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This morning at 9 a.m. at The Restaurant Warehouse (279 Burrows St., or thereabouts) is a Public Auction of all sorts of stuff (mostly restaurant-related) put on by The Reynolds Auction Company. [source: Reynold's Auction website]

The Charlie Lindner Trio will be at Bodhi's Cafe & LoungeMySpace link (274 Goodman St. N., in Village Gate) starting around 6 p.m. [source: Bodhi's Cafe MySpace page]

This evening at 6:30 p.m. in Dewey Hall, 2-162 at The University of Rochester (Elmwood Ave. at Intercampus Dr., details on River Campus Map) is a student panel discussion titled Real Talk: The Struggles and Successes of the RCSD on the state of The Rochester City School District (RCSD) (131 West Broad St.) [source: University of Rochester website]

Tonight at Starry Nites Café (696 University Ave., formerly Moonbeans) is The Standard Jazz Quartet starting around 8 p.m. [source: Starry Nites calendar] [all ages]

JayceLand Pick Kilbourn Hall at Eastman Theatre (60 Gibbs St.) will be hosting The Eastman Marimba Ensemble starting at 8 p.m. [source: Eastman School of Music calendar] [all ages]

The Dryden Theater at George Eastman House (900 East Ave.) will be showing Touchez pas au grisbi starting at 8 p.m. Founder and co-president of Rialto Pictures, Bruce Goldstein will be on hand to discuss this French noir film. [source: Eastman House calendar] [all ages]

Tonight and every Thursday at 6:30 p.m. in the Learning Center at Brighton Memorial Library (2300 Elmwood Ave.) is a meeting of The Rochester Movie Makers Club [source: AIVF Salon Rochester Yahoo! Group]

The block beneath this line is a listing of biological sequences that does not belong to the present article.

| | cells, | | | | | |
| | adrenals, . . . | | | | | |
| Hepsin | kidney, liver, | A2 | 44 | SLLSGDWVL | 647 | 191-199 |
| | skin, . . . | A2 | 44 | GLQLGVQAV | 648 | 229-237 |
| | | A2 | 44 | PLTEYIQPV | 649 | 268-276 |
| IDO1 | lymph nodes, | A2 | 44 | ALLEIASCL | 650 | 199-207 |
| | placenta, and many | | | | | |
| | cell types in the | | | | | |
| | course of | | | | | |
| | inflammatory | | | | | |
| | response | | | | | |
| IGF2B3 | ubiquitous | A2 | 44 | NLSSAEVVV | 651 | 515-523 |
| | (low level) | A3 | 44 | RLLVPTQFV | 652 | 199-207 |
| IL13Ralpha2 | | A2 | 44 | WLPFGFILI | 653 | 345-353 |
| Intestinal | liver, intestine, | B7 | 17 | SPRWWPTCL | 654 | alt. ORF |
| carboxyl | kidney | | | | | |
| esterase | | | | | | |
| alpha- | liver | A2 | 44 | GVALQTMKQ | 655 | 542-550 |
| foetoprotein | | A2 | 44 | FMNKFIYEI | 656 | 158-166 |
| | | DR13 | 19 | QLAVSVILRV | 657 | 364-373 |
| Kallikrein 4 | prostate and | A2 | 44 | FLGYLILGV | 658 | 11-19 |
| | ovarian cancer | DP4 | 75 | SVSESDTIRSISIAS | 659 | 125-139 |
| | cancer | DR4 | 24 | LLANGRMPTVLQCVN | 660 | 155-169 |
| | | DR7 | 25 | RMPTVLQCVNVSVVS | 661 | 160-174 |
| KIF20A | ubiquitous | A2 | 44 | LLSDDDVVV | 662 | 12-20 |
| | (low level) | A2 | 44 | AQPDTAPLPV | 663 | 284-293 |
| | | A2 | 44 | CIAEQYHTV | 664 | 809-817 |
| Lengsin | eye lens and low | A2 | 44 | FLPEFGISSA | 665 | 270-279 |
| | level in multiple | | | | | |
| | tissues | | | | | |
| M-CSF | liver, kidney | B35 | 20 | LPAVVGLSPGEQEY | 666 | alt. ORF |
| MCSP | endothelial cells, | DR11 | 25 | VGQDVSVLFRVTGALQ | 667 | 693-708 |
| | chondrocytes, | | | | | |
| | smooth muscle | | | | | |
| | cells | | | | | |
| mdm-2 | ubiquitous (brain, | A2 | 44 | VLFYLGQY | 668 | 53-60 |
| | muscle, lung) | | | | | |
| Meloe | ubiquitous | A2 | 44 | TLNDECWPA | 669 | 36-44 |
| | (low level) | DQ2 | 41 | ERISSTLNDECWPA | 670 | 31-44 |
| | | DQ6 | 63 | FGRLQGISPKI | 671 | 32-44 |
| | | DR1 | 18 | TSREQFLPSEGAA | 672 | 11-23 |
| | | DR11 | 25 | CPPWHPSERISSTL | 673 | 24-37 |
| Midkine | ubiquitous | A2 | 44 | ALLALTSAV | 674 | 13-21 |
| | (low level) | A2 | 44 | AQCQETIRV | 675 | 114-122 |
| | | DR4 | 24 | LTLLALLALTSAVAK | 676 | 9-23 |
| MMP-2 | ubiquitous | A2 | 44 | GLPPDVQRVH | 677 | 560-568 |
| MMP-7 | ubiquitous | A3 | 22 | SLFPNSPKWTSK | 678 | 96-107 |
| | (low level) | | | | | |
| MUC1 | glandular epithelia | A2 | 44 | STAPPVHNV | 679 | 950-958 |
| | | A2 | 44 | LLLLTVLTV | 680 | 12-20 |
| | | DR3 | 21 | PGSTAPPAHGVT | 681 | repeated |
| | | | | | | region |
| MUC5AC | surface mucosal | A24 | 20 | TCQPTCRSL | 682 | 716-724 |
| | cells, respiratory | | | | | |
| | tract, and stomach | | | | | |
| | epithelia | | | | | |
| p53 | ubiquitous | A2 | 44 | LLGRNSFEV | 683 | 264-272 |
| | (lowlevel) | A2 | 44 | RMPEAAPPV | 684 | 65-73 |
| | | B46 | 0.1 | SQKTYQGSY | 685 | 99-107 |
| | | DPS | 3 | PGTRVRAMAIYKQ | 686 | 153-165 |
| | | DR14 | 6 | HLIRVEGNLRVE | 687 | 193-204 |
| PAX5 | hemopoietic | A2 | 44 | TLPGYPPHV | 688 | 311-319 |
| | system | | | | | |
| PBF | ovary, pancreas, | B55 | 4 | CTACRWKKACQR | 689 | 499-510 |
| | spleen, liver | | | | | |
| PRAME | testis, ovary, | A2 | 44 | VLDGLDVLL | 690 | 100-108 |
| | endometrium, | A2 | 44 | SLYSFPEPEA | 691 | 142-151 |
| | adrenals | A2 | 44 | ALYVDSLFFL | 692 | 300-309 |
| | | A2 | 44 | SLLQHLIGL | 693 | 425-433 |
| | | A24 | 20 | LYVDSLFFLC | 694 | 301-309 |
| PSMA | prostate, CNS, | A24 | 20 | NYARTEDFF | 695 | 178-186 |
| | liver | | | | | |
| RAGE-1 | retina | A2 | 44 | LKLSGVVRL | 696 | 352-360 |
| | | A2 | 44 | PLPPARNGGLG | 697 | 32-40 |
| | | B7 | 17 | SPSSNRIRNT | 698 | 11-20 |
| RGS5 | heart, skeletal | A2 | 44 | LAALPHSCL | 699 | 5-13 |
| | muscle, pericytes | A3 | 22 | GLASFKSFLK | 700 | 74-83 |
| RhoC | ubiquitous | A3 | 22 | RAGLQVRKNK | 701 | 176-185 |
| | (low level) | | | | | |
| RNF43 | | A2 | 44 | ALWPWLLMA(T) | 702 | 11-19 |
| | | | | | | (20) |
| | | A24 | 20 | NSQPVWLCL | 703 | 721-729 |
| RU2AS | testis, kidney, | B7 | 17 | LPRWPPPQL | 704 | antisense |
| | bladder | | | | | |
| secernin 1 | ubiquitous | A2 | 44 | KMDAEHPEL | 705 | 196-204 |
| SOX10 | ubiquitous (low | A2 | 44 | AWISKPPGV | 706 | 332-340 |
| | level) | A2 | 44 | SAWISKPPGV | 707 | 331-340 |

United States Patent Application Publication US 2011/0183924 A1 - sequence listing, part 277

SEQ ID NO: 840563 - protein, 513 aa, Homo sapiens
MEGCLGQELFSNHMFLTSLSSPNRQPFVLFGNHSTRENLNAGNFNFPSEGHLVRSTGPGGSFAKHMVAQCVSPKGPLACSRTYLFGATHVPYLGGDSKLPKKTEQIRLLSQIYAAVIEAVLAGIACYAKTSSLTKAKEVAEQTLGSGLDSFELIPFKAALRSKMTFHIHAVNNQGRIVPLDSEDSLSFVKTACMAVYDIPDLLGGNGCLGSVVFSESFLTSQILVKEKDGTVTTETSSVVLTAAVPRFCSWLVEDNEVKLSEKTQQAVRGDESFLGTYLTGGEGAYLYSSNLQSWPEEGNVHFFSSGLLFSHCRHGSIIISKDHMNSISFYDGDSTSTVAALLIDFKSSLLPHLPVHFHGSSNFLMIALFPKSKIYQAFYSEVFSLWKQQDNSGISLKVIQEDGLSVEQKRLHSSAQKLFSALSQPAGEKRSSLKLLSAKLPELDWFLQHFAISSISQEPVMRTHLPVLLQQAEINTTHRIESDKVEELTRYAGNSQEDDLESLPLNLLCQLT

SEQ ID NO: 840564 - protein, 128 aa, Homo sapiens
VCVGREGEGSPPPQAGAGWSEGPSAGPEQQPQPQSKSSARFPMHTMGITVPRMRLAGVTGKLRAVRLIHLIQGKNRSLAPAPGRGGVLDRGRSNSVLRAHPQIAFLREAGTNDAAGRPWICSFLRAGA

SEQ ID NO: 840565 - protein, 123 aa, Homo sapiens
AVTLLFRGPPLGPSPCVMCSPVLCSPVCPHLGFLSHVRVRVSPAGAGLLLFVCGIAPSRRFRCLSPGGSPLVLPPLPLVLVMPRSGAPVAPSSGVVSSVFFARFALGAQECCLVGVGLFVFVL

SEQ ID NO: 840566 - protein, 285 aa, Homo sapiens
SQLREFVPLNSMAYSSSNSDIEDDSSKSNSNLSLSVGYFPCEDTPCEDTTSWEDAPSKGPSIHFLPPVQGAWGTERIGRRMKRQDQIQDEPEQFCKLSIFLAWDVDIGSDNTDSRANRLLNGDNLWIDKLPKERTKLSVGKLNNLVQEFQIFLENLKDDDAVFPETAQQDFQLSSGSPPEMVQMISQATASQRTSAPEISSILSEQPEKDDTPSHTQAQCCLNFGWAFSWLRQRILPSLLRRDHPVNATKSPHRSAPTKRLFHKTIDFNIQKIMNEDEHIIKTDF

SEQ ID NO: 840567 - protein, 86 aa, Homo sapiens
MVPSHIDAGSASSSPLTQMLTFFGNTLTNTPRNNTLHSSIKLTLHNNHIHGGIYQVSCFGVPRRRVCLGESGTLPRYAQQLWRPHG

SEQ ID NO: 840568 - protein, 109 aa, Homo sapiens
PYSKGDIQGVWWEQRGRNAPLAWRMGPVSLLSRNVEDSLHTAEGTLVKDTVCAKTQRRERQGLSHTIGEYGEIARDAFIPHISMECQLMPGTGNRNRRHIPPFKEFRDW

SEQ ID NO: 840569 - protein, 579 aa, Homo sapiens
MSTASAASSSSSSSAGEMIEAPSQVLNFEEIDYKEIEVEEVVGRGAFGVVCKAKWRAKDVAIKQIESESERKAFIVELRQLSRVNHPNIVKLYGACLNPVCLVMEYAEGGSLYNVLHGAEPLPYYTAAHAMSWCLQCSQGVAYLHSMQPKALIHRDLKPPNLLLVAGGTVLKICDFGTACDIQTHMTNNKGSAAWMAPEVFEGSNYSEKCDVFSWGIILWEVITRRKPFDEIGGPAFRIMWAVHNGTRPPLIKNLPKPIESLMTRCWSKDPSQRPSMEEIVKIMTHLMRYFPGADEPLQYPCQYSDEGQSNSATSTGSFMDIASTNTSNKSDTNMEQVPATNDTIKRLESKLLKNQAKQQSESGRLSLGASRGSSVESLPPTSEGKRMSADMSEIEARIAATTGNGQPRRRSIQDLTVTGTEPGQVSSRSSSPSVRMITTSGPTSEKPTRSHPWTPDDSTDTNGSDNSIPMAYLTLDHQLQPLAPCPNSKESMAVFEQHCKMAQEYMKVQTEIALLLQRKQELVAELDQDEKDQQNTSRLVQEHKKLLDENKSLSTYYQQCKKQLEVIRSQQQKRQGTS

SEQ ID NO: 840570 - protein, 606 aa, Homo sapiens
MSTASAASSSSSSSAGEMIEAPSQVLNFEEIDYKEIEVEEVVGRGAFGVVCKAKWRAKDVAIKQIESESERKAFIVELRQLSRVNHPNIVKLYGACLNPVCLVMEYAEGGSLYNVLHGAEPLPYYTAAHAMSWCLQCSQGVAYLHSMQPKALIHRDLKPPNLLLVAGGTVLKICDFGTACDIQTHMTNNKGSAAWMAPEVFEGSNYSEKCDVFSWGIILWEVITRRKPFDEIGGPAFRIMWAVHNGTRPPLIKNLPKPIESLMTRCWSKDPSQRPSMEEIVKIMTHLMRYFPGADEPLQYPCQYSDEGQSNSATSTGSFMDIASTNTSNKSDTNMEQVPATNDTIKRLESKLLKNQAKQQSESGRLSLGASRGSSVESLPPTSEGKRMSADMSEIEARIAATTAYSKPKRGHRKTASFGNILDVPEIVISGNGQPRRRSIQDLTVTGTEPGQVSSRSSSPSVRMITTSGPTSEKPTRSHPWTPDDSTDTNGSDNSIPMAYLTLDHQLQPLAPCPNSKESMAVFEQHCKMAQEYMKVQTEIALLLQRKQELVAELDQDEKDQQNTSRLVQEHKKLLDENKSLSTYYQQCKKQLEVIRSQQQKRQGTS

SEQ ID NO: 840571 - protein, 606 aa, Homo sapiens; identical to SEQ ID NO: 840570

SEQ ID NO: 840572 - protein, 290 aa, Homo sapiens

Drinking Liberally meets at 8 p.m. tonight at Monty's Korner (355 East Ave.) [source: RocWiki calendar]

Fly the flag today.National Pearl Harbor Remembrance Day (half-staff until sunset)

Tonight at The Image City Photography Gallery (722 University Ave.) is the opening reception for their 3rd Annual Holiday Show from 5 p.m. to 9 p.m. [source: Image City Photography Gallery website]

Tonight at 6 p.m. at The Baobab Cultural Center (728 University Ave., formerly on Gregory St.) is the opening reception for Cuddling Cultures and Colors featuring works by Djamila H. ML. Liniger-Strauss which will be on display through January 12. [source: Baobab website]

Genesee Pottery at The Genesee Center for the Arts (713 Monroe Ave.) will be hosting the Potter's Potluck — Tour of Chinese Potteries with Gayle Erwin from 6:30 p.m. until 8:30 p.m. [source: Genesee Center for the Arts calendar]

Tomorrow is the last day to see Ariel Yichun Lin's Lost and Found: A Journey MFA thesis exhibition at The Rochester Visual Studies Workshop (31 Prince St.) and tonight from 7 p.m. to 10 p.m. is the closing reception for it. [source: Visual Studies Workshop calendar] [all ages]

JayceLand Pick Tonight at The Rochester Contemporary Art Gallery (137 East Ave.) at 7 p.m. is the Re: Member members' show. The upstairs studios are having an Open House at the same time. [source: Rochester Contemporary calendar] [all ages]

The Club at Water Street (204 N. Water St.) will be hosting The Years Gone ByMySpace link, and The Morning OfMySpace link starting around 7:30 p.m. [source: Water Street calendar] [13+]